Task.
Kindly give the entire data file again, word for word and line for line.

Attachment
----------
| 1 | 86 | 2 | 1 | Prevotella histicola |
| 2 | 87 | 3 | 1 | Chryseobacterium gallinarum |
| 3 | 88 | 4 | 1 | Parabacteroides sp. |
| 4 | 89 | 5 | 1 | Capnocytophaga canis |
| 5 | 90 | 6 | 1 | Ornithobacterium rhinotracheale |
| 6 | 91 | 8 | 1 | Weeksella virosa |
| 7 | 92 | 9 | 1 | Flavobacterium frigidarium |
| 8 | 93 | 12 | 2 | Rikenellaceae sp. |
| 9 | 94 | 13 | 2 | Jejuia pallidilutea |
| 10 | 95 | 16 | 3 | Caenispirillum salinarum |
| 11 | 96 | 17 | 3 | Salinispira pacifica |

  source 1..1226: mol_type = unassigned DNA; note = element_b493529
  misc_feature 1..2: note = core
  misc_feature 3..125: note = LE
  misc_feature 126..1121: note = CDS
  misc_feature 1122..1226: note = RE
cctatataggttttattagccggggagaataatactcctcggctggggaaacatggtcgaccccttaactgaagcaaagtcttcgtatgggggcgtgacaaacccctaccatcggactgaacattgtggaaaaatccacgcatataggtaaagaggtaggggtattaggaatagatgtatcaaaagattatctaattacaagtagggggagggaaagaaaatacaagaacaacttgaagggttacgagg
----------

| 1 | 86 | 2 | 1 | Prevotella histicola |
| 2 | 87 | 3 | 1 | Chryseobacterium gallinarum |
| 3 | 88 | 4 | 1 | Parabacteroides sp. |
| 4 | 89 | 5 | 1 | Capnocytophaga canis |
| 5 | 90 | 6 | 1 | Ornithobacterium rhinotracheale |
| 6 | 91 | 8 | 1 | Weeksella virosa |
| 7 | 92 | 9 | 1 | Flavobacterium frigidarium |
| 8 | 93 | 12 | 2 | Rikenellaceae sp. |
| 9 | 94 | 13 | 2 | Jejuia pallidilutea |
| 10 | 95 | 16 | 3 | Caenispirillum salinarum |
| 11 | 96 | 17 | 3 | Salinispira pacifica |

  source 1..1226: mol_type = unassigned DNA; note = element_b493529
  misc_feature 1..2: note = core
  misc_feature 3..125: note = LE
  misc_feature 126..1121: note = CDS
  misc_feature 1122..1226: note = RE
cctatataggttttattagccggggagaataatactcctcggctggggaaacatggtcgaccccttaactgaagcaaagtcttcgtatgggggcgtgacaaacccctaccatcggactgaacattgtggaaaaatccacgcatataggtaaagaggtaggggtattaggaatagatgtatcaaaagattatctaattacaagtagggggagggaaagaaaatacaagaacaacttgaagggttacgagg